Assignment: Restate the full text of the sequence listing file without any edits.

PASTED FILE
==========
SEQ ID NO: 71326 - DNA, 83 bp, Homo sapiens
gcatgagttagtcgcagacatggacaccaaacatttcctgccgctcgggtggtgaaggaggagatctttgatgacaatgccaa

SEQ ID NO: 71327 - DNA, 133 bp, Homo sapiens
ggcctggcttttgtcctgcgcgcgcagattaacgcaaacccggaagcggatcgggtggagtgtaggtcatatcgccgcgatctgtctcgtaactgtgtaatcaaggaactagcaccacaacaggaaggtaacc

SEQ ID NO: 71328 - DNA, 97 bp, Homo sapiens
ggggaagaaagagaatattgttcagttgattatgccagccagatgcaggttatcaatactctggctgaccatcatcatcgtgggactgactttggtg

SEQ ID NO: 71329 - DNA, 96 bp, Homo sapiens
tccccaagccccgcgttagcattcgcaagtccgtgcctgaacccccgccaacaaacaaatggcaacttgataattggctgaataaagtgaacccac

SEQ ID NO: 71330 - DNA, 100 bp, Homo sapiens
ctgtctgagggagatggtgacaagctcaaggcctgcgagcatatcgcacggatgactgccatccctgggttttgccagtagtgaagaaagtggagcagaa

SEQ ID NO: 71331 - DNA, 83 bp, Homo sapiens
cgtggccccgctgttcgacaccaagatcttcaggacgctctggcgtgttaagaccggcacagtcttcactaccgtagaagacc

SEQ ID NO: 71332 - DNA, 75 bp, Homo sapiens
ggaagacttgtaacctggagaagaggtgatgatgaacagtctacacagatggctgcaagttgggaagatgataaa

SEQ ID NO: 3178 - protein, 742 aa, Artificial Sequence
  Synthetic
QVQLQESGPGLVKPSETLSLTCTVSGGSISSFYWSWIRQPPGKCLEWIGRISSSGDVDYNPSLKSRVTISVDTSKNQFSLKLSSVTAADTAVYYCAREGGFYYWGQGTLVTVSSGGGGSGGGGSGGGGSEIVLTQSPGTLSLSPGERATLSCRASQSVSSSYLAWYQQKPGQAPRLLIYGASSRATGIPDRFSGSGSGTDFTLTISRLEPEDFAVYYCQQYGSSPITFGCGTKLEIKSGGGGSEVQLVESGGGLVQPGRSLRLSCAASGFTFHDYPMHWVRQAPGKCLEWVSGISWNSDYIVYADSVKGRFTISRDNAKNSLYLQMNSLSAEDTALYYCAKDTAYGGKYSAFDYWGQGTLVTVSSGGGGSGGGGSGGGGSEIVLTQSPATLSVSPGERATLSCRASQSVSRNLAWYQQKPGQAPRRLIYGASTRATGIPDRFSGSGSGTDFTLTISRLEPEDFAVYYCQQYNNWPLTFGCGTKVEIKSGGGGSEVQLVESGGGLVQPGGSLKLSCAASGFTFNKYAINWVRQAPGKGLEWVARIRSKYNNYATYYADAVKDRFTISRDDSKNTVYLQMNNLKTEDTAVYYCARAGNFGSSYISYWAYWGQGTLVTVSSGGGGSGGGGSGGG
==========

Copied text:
SEQ ID NO: 71326 - DNA, 83 bp, Homo sapiens
gcatgagttagtcgcagacatggacaccaaacatttcctgccgctcgggtggtgaaggaggagatctttgatgacaatgccaa

SEQ ID NO: 71327 - DNA, 133 bp, Homo sapiens
ggcctggcttttgtcctgcgcgcgcagattaacgcaaacccggaagcggatcgggtggagtgtaggtcatatcgccgcgatctgtctcgtaactgtgtaatcaaggaactagcaccacaacaggaaggtaacc

SEQ ID NO: 71328 - DNA, 97 bp, Homo sapiens
ggggaagaaagagaatattgttcagttgattatgccagccagatgcaggttatcaatactctggctgaccatcatcatcgtgggactgactttggtg

SEQ ID NO: 71329 - DNA, 96 bp, Homo sapiens
tccccaagccccgcgttagcattcgcaagtccgtgcctgaacccccgccaacaaacaaatggcaacttgataattggctgaataaagtgaacccac

SEQ ID NO: 71330 - DNA, 100 bp, Homo sapiens
ctgtctgagggagatggtgacaagctcaaggcctgcgagcatatcgcacggatgactgccatccctgggttttgccagtagtgaagaaagtggagcagaa

SEQ ID NO: 71331 - DNA, 83 bp, Homo sapiens
cgtggccccgctgttcgacaccaagatcttcaggacgctctggcgtgttaagaccggcacagtcttcactaccgtagaagacc

SEQ ID NO: 71332 - DNA, 75 bp, Homo sapiens
ggaagacttgtaacctggagaagaggtgatgatgaacagtctacacagatggctgcaagttgggaagatgataaa

SEQ ID NO: 3178 - protein, 742 aa, Artificial Sequence
  Synthetic
QVQLQESGPGLVKPSETLSLTCTVSGGSISSFYWSWIRQPPGKCLEWIGRISSSGDVDYNPSLKSRVTISVDTSKNQFSLKLSSVTAADTAVYYCAREGGFYYWGQGTLVTVSSGGGGSGGGGSGGGGSEIVLTQSPGTLSLSPGERATLSCRASQSVSSSYLAWYQQKPGQAPRLLIYGASSRATGIPDRFSGSGSGTDFTLTISRLEPEDFAVYYCQQYGSSPITFGCGTKLEIKSGGGGSEVQLVESGGGLVQPGRSLRLSCAASGFTFHDYPMHWVRQAPGKCLEWVSGISWNSDYIVYADSVKGRFTISRDNAKNSLYLQMNSLSAEDTALYYCAKDTAYGGKYSAFDYWGQGTLVTVSSGGGGSGGGGSGGGGSEIVLTQSPATLSVSPGERATLSCRASQSVSRNLAWYQQKPGQAPRRLIYGASTRATGIPDRFSGSGSGTDFTLTISRLEPEDFAVYYCQQYNNWPLTFGCGTKVEIKSGGGGSEVQLVESGGGLVQPGGSLKLSCAASGFTFNKYAINWVRQAPGKGLEWVARIRSKYNNYATYYADAVKDRFTISRDDSKNTVYLQMNNLKTEDTAVYYCARAGNFGSSYISYWAYWGQGTLVTVSSGGGGSGGGGSGGG